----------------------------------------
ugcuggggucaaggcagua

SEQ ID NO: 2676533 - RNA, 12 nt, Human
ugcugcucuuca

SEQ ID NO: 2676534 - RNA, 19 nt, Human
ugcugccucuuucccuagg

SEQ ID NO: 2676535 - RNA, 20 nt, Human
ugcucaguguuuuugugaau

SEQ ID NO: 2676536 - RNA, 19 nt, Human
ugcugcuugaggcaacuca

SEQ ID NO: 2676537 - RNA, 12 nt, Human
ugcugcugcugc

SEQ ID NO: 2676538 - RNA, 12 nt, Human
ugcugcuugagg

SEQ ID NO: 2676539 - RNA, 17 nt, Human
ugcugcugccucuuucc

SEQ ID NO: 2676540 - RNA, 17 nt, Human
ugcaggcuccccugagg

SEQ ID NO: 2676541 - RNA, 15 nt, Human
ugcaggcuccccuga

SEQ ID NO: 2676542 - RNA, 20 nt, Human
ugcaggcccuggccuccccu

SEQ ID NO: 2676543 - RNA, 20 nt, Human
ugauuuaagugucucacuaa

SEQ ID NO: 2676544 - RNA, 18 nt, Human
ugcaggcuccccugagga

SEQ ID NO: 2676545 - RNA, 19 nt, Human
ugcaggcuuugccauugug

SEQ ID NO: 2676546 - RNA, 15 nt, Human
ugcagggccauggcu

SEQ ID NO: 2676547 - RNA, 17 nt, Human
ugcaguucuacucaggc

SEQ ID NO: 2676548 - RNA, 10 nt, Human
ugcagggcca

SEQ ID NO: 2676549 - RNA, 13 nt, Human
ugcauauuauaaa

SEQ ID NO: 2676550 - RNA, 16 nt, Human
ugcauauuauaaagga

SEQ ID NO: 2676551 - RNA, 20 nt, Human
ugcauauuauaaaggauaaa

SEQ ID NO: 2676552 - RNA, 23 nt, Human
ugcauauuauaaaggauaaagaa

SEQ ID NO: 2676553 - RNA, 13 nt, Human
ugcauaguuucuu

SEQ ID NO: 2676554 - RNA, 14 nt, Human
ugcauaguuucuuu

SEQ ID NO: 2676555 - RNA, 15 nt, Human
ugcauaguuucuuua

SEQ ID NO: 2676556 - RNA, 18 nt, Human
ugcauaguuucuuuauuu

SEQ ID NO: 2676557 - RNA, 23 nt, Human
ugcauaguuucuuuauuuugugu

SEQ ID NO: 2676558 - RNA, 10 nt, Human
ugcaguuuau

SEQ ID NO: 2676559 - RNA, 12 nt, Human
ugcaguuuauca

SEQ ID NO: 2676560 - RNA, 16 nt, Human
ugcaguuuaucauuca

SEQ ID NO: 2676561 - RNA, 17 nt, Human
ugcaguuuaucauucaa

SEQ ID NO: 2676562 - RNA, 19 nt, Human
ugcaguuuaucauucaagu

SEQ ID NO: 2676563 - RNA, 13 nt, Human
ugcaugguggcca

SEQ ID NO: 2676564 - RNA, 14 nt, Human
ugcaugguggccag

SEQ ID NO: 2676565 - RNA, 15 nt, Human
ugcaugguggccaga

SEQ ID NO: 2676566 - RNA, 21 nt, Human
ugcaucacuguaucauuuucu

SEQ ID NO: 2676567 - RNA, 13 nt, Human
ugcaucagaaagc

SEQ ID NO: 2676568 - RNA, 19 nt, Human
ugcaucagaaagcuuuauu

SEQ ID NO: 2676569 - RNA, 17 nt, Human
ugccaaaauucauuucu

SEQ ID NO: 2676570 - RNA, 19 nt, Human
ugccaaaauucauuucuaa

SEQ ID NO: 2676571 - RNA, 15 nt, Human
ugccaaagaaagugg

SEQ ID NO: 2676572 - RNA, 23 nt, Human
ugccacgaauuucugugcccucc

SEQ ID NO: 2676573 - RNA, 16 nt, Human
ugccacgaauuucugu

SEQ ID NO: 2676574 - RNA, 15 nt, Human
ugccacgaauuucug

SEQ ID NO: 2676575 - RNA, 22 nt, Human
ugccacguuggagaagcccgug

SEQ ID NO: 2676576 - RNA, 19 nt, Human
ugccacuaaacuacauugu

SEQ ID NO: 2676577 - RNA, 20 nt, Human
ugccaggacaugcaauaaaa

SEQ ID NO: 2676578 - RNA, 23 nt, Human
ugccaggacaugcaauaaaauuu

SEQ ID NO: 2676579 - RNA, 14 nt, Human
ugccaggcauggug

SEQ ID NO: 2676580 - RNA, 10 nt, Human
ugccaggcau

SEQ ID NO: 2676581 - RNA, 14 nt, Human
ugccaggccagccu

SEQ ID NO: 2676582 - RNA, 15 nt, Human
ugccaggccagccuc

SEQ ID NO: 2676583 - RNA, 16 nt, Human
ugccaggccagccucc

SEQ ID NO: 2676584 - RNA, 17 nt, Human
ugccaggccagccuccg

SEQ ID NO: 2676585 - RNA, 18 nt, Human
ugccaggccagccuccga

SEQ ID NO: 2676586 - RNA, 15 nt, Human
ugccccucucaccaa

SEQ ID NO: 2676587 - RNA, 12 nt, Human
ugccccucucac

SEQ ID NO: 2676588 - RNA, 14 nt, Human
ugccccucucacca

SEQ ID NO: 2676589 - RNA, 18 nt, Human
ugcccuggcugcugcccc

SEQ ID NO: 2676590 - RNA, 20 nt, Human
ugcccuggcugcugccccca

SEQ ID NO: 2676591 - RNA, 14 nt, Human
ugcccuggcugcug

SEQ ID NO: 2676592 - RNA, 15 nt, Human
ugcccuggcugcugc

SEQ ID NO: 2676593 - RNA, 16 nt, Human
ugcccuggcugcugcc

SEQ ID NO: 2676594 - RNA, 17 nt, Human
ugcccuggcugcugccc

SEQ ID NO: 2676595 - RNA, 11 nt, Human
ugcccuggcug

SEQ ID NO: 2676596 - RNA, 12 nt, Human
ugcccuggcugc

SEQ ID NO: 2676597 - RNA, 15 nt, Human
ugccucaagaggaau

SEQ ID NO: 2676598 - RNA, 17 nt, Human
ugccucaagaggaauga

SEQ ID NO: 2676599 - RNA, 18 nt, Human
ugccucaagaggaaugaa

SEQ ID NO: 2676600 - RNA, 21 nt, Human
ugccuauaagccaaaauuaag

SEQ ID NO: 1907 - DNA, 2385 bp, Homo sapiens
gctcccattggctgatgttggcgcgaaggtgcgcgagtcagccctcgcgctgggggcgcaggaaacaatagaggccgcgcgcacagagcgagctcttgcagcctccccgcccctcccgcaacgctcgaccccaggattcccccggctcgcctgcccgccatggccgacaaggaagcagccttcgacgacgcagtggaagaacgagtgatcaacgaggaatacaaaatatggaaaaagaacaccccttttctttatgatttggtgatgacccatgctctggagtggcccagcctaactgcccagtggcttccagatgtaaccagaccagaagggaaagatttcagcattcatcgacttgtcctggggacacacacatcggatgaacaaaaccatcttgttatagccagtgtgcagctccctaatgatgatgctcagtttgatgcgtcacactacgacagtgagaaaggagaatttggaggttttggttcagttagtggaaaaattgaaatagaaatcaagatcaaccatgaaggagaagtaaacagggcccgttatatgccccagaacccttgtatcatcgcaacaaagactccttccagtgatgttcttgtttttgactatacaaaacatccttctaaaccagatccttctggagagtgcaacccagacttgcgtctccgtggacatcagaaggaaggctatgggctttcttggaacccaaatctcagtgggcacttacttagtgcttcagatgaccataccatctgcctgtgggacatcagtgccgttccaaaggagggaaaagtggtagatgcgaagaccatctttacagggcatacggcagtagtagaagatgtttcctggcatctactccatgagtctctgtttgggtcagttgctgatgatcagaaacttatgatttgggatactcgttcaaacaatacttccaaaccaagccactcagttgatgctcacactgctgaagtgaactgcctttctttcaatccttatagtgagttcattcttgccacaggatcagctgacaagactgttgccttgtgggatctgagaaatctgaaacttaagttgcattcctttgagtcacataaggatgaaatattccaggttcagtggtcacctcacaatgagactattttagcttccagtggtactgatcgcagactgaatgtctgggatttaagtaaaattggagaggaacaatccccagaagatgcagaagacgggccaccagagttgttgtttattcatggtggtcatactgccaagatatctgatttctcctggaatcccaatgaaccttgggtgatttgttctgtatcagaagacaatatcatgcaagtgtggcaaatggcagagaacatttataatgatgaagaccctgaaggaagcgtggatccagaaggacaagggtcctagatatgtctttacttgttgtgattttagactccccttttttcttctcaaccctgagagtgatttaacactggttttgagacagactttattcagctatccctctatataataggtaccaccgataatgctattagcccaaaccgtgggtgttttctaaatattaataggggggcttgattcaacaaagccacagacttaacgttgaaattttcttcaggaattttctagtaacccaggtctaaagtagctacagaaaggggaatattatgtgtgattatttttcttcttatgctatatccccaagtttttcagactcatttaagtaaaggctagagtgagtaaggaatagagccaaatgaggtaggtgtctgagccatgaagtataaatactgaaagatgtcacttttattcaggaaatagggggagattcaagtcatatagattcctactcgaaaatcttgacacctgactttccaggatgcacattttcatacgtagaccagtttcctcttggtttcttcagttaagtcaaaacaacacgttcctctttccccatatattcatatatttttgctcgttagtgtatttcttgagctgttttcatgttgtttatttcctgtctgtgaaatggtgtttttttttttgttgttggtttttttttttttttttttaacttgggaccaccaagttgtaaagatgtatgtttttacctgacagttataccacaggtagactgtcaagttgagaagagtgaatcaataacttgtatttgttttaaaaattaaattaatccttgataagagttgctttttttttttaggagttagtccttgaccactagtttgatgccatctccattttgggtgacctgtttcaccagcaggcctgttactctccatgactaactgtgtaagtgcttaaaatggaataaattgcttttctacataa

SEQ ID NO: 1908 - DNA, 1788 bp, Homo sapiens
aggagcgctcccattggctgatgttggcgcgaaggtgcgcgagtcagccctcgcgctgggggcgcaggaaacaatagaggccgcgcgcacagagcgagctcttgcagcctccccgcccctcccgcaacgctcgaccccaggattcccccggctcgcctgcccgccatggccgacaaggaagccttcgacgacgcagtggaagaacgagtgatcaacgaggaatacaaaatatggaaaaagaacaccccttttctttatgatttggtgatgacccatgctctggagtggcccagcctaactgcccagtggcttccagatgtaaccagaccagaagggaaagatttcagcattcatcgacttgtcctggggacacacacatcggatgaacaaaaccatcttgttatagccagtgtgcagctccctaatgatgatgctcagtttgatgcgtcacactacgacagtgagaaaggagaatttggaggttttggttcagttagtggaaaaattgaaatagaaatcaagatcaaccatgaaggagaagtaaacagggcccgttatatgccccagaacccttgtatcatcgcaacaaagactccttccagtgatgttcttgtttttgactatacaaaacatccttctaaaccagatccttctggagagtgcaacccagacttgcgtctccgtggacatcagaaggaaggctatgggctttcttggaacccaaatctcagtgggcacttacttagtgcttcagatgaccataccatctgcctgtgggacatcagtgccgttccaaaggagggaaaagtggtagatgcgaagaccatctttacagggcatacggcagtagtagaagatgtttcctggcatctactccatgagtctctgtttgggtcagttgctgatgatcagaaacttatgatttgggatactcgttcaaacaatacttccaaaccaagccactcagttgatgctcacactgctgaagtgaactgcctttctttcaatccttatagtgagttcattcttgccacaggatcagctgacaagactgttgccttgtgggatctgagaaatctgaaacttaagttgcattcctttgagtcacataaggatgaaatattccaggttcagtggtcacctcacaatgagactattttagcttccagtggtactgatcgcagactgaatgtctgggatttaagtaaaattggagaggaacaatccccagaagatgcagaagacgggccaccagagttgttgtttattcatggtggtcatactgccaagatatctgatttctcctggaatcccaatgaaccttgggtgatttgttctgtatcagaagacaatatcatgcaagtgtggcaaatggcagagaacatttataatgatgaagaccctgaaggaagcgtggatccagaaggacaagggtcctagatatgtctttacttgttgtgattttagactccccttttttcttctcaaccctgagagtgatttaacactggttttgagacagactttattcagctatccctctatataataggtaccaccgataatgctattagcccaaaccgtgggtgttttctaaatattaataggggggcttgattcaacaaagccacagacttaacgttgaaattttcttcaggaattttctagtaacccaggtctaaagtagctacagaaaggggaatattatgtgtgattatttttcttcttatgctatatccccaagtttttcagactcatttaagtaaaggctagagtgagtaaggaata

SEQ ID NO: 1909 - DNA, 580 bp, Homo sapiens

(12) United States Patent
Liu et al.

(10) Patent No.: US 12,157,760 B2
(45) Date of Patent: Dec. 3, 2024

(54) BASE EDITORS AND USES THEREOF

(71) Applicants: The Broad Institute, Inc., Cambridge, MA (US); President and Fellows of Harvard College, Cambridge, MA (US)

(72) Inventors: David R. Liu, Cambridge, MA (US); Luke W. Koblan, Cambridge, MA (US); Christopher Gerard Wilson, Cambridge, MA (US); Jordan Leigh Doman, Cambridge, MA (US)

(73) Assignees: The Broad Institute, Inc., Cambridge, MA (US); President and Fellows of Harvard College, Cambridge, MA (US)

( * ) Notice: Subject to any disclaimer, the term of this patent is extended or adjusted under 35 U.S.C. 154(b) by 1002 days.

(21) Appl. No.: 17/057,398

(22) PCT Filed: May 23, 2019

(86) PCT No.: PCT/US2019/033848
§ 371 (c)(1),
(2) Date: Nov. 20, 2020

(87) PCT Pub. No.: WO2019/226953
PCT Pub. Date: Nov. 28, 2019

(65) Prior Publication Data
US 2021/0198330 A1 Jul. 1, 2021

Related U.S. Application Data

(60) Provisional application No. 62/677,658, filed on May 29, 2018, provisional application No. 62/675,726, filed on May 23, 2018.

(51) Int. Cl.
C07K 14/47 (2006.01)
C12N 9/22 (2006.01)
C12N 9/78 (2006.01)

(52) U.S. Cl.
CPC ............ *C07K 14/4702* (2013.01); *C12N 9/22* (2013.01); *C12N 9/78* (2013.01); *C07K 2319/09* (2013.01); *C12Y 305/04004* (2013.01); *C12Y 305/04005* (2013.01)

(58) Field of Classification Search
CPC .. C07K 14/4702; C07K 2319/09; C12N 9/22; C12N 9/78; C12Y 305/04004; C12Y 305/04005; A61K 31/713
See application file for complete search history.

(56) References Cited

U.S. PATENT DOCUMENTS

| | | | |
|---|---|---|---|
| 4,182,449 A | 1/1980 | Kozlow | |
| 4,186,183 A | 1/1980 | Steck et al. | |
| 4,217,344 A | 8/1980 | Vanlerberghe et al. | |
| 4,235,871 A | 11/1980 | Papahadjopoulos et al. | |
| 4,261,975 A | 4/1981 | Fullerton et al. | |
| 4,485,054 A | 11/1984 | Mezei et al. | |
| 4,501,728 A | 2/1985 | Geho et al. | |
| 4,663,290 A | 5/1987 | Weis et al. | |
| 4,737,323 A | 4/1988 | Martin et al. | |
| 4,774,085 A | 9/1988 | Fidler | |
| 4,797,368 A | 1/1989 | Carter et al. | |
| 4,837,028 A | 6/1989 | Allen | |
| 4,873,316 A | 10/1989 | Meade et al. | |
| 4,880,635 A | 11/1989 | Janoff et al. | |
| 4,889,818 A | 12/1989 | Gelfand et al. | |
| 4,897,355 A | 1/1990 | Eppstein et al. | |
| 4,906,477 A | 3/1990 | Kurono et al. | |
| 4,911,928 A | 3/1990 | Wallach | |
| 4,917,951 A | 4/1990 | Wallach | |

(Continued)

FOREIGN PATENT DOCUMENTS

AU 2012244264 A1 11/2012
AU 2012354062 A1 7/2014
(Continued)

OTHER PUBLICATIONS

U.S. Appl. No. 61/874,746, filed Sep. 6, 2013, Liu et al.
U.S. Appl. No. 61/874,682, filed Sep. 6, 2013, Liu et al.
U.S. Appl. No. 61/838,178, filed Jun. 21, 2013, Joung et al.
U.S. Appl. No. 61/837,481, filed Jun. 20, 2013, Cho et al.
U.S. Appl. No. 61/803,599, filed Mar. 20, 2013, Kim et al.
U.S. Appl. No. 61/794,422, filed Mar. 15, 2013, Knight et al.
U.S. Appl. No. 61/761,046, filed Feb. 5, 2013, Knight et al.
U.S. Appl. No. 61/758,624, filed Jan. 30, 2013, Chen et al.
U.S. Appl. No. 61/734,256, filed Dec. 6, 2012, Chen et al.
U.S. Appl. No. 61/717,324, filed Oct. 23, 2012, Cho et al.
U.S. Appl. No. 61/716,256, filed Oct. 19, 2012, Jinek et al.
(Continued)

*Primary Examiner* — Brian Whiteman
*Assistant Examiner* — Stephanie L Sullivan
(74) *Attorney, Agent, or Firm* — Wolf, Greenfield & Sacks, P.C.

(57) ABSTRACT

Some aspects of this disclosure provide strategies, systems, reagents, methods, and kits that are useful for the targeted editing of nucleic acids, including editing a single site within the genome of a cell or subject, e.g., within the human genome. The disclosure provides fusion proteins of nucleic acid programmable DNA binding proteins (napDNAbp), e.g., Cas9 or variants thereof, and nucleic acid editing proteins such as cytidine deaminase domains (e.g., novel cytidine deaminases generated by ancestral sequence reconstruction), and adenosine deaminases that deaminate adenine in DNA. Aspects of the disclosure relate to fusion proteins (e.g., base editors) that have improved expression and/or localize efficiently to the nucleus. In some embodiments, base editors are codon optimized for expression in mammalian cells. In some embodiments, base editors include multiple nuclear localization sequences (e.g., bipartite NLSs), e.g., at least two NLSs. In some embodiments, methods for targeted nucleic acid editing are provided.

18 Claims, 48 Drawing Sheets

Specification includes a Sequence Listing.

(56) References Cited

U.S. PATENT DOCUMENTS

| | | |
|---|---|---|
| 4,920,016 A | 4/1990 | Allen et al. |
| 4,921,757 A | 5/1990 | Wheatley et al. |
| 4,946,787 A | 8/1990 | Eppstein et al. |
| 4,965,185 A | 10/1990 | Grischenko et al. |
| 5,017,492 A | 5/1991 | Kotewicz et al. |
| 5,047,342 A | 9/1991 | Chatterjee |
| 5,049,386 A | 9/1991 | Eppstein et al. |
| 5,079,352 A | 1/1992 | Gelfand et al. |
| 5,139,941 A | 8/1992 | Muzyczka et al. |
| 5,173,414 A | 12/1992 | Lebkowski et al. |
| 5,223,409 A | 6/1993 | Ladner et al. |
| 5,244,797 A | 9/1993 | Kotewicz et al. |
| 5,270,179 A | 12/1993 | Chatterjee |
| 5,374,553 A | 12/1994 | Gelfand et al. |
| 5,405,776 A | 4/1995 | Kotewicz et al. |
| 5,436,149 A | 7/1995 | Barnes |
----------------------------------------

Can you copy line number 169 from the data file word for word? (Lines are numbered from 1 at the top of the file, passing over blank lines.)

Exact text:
(58) Field of Classification Search